How The Budget Deficit Was Shrunk

On Friday, Township Administrator Andy Katz gave more details about how the township budget deficit was reduced from $2.5 million to $1.8 million.

The significant $700,000 deficit reduction announced by Holmdel Mayor Patrick Impreveduto at a meeting attended by 200 residents Thursday was mostly achieved by applying unanticipated miscellaneous revenues from a prior year to this current budget, said Township Administrator Andy Katz.

Thanks to hours of looking under "all these pebbles" for solutions, said Mayor Patrick Impreveduto, the Township Committee was able to cancel an unpopular vote to authorize a sale of land at preserved Cross Farm and a voter referendum to raise taxes over the two percent cap.

“You see what you have in excess funds from the prior year – where you took in more revenue than you had anticipated,” Katz explained. “It’s commonly referred to as surplus.” On a balance sheet, it shows up as “miscellaneous revenue not anticipated.”

Examples are excess court fees, small grants, or the $153,000 FEMA payment from a 2010 expenditure. The township’s financial team identified the savings after they finished the annual financial statement in early February.

The $700,000 figure does not include the discovery of a $400,000 debt owed to the township by the Board of Education for a joint project improving Roggy Field, said Katz. "We found a rock," said Impreveduto. Holmdel Township Chief Financial Officer Jeanette Larrison discovered the missing payment after a comprehensive analysis, said Katz. It is believed volunteer efforts to raise funds fell short and the money was not raised, he said, and per the agreement, the Board of Education would be responsible for making up the payment.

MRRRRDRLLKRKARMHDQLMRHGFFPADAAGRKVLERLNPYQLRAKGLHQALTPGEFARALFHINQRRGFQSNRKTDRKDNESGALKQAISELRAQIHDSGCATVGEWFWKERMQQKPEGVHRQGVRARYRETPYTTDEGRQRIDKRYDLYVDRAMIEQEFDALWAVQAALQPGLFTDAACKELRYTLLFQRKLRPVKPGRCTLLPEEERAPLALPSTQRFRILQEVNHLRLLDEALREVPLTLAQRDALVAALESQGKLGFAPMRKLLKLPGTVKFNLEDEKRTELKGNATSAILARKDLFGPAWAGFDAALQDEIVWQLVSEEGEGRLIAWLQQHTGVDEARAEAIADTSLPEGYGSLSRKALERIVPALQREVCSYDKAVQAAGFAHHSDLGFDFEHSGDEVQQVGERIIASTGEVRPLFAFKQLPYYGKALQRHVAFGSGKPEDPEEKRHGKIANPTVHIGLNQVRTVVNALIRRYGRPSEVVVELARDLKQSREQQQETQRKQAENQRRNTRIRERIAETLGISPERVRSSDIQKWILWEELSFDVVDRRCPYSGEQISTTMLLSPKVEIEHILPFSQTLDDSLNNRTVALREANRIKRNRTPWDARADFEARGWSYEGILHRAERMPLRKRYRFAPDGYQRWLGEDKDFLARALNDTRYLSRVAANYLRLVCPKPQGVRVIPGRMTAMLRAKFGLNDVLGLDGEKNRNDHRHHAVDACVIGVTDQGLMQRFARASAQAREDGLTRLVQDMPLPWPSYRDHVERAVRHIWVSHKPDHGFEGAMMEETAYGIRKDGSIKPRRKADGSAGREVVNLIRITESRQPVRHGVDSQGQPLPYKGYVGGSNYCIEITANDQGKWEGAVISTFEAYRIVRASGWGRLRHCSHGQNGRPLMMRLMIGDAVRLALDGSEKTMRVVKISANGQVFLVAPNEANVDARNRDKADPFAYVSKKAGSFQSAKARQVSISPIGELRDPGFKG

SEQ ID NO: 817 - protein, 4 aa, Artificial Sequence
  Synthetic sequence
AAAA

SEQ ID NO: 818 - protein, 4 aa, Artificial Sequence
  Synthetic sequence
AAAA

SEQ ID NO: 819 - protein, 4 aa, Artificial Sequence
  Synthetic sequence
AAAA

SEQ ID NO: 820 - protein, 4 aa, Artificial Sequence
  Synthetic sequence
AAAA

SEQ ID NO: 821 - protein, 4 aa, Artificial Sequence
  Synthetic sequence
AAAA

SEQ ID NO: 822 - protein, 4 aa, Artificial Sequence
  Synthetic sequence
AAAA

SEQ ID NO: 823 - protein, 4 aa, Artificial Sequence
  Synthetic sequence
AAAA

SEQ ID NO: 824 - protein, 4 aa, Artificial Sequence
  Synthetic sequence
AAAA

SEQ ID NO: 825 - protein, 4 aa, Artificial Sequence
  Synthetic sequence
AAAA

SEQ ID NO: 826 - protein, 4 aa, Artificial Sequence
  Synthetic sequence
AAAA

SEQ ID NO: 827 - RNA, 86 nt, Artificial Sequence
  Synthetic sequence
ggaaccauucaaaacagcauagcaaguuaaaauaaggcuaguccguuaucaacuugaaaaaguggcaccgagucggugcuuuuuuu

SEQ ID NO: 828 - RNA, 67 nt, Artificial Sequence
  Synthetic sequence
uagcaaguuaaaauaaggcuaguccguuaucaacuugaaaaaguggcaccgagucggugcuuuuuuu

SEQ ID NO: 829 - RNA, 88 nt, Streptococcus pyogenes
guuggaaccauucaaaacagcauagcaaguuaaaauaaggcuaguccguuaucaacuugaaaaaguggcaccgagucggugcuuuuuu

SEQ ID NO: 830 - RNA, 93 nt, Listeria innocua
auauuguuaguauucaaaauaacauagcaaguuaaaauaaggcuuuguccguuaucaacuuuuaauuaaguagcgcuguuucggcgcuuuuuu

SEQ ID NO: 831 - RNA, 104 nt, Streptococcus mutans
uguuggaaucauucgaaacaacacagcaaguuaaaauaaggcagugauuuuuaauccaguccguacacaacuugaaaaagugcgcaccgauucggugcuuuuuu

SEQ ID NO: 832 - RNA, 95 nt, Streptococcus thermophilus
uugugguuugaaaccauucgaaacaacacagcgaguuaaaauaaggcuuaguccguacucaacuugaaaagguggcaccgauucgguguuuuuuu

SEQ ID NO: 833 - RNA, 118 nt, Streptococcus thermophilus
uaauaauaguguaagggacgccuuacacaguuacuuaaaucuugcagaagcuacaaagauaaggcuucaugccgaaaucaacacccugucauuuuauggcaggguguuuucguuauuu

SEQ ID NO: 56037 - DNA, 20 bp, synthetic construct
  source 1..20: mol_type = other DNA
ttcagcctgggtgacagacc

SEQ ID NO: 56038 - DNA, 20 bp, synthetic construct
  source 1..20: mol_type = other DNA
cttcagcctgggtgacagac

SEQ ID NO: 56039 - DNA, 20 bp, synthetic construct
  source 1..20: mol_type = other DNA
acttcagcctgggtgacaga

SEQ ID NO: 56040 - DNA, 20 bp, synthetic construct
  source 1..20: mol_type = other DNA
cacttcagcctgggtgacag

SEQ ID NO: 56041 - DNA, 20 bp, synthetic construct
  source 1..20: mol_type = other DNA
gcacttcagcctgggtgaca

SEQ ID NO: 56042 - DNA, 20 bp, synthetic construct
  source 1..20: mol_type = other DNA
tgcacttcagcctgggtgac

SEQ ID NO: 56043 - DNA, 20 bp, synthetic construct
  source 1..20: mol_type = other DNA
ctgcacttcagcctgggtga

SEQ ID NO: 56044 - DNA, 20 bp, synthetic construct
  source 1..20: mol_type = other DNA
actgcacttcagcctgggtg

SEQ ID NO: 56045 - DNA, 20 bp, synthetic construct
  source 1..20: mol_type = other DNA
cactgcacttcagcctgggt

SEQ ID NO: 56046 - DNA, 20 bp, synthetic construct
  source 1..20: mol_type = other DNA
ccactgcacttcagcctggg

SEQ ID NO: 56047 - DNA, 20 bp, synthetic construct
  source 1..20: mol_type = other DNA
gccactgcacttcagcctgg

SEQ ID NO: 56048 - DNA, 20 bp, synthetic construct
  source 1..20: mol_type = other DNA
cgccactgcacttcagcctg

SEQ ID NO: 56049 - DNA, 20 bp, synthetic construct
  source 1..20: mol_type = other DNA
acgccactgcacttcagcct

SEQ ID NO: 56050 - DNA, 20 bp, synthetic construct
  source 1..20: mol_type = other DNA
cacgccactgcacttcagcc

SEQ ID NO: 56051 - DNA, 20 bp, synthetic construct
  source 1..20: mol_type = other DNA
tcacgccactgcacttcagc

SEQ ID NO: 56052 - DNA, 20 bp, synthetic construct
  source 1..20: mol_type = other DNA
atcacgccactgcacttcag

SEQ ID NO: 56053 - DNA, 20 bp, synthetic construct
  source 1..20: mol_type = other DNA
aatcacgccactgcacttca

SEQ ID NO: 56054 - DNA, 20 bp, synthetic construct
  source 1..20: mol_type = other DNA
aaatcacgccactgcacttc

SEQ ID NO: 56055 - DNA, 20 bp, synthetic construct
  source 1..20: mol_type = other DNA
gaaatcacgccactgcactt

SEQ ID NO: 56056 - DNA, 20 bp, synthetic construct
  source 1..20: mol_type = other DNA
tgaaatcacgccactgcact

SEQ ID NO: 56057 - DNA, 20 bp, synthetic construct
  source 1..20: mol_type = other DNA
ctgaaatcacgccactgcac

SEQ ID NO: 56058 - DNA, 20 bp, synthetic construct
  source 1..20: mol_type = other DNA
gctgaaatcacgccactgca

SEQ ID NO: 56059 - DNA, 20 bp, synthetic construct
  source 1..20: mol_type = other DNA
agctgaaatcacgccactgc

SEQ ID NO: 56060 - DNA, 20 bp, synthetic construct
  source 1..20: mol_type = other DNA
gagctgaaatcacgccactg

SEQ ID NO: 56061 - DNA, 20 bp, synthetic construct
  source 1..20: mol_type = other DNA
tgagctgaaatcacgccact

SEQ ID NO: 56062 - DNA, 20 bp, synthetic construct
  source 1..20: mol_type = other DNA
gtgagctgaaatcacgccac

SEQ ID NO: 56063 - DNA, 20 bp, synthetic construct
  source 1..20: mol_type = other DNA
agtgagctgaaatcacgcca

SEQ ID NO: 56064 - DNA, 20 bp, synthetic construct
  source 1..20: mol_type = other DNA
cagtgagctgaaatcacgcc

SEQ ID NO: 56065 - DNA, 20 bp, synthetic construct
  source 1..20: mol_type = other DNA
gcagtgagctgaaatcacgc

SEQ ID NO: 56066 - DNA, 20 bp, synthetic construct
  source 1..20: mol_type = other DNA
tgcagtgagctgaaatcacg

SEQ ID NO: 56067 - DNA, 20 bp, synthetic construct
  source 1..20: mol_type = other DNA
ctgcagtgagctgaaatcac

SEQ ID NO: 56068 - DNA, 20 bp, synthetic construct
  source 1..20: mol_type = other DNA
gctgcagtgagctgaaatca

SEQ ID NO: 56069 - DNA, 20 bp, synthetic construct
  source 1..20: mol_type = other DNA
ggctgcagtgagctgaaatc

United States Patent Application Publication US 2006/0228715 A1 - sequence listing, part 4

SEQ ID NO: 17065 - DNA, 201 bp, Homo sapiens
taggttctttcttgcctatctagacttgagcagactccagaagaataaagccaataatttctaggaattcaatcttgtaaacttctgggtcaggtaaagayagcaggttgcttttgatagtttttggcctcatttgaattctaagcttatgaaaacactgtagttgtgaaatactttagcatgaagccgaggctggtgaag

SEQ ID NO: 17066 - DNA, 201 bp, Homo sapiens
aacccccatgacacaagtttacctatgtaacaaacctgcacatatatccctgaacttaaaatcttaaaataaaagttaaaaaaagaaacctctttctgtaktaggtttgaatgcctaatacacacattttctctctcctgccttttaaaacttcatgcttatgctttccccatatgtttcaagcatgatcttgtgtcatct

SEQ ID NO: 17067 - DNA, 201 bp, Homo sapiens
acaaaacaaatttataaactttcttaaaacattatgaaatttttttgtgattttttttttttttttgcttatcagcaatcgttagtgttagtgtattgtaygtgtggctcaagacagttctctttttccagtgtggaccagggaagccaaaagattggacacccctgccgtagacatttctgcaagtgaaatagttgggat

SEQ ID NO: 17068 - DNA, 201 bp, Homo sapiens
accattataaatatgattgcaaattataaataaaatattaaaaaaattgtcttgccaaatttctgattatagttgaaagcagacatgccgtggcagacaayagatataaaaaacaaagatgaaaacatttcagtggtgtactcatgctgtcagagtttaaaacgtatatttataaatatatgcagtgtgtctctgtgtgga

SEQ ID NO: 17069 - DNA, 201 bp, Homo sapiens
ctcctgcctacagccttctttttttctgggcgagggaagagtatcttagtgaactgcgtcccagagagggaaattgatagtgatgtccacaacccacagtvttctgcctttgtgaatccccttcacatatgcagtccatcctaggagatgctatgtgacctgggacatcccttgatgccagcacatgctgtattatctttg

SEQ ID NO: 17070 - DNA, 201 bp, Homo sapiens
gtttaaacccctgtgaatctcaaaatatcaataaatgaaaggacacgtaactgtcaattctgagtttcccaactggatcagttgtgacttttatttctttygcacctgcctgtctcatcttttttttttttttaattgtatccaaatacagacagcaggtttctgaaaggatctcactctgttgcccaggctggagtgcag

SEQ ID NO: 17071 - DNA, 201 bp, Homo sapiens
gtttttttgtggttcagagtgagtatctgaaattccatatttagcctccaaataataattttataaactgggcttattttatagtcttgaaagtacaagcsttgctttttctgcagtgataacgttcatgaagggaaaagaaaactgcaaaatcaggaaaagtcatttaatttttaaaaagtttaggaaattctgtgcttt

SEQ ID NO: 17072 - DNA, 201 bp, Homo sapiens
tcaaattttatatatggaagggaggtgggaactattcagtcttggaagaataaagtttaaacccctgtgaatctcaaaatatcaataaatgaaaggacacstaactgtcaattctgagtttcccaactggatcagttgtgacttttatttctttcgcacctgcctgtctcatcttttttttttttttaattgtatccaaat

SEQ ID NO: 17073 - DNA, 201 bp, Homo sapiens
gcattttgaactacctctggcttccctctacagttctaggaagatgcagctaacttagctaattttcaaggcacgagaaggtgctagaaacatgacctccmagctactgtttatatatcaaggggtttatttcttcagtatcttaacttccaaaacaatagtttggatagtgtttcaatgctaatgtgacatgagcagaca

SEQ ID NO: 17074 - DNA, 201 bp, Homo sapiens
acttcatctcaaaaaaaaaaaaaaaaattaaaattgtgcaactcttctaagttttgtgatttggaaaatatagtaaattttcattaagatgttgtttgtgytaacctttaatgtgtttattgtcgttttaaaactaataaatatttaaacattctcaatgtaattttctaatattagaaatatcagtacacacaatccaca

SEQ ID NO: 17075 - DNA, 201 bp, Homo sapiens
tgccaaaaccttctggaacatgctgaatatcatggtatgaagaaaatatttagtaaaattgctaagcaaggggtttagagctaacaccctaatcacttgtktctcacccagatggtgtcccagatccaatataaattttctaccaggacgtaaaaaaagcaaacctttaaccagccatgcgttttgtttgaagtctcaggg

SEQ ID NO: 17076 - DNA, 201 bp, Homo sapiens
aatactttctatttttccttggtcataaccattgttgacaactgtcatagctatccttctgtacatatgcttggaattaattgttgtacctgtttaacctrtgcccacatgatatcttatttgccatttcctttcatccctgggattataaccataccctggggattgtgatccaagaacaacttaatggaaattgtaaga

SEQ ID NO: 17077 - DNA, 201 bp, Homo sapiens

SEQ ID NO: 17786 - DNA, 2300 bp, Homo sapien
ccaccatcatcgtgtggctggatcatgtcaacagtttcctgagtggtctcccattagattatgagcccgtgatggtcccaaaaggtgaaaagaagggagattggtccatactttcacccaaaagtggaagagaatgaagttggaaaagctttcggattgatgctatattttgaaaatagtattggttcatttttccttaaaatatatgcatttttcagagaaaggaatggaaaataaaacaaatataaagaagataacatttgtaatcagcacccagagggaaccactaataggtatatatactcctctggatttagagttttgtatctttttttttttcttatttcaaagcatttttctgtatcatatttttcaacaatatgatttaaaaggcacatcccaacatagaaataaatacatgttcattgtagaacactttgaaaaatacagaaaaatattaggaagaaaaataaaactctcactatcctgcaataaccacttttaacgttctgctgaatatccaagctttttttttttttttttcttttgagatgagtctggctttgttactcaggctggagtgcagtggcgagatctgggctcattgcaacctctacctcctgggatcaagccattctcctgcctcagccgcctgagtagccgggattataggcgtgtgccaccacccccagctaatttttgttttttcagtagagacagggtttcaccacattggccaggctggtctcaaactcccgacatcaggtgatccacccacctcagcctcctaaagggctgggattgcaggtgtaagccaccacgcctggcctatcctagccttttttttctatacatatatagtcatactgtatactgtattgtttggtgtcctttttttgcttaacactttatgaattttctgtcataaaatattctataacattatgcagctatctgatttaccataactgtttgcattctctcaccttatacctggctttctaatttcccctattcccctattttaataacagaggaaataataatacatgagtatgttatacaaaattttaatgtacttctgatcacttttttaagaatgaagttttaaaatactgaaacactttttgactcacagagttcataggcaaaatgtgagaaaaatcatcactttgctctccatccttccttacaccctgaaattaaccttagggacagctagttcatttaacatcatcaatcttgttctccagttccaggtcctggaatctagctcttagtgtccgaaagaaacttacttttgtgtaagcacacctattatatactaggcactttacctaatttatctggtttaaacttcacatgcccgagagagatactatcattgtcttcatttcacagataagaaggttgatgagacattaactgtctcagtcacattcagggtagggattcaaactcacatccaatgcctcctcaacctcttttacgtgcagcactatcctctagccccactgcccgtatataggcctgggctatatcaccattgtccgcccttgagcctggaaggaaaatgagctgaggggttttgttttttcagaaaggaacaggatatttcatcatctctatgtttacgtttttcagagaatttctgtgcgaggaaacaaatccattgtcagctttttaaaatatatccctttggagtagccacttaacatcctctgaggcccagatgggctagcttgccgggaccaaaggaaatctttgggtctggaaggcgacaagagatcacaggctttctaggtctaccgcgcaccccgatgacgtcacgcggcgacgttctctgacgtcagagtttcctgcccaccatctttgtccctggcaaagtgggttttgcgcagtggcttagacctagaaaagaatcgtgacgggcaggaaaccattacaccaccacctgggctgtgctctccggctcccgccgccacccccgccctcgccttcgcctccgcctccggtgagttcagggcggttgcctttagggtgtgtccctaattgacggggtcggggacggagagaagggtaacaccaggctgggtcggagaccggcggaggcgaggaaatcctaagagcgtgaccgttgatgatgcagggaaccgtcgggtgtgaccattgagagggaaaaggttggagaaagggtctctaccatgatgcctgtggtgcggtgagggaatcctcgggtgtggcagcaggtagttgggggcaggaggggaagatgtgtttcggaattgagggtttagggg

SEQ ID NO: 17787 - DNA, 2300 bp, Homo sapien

[Late Friday, the president of the Holmdel Board of Education disputed they owed that much to the township, and issued a detailed statement clarifying the board's obligation to the improvements at Roggy Field. Read the press release here.]

Katz said the township may choose to use the anticipated BOE payment in its three to five year plan, which will also consider the impact of a developing Alcatel-Lucent. “What we are trying to do is move to a point where we are sustaining. We are not doing this just to fix 2012, but also 2013 and beyond,” he said.

The township administrator said he has not yet made his final recommendation to the Township Committee on closing the $1.8 million budget gap in the township's $20 million budget, to be introduced in March. The township is still waiting on certified state aid figures and allocation of energy receipt tax, among other pieces of information. Final adoption is typically in April or May.

Although the governing body passed legislation on Feb. 23 authorizing the sale of wooded lots on Plum Lane, Katz said the property would only be sold if necessary.

Bill Hennigan February 25, 2012 at 01:10 PM
After reading the BOE responnse to the "discovery" of $400,000 debt owed to the township, I ask all residents to join me in requesting a joint township committee and BOE press release to explain this issue in full. Since taxpayers ultimately pay the bills, this $400,000 may just now be missing from our other pocket!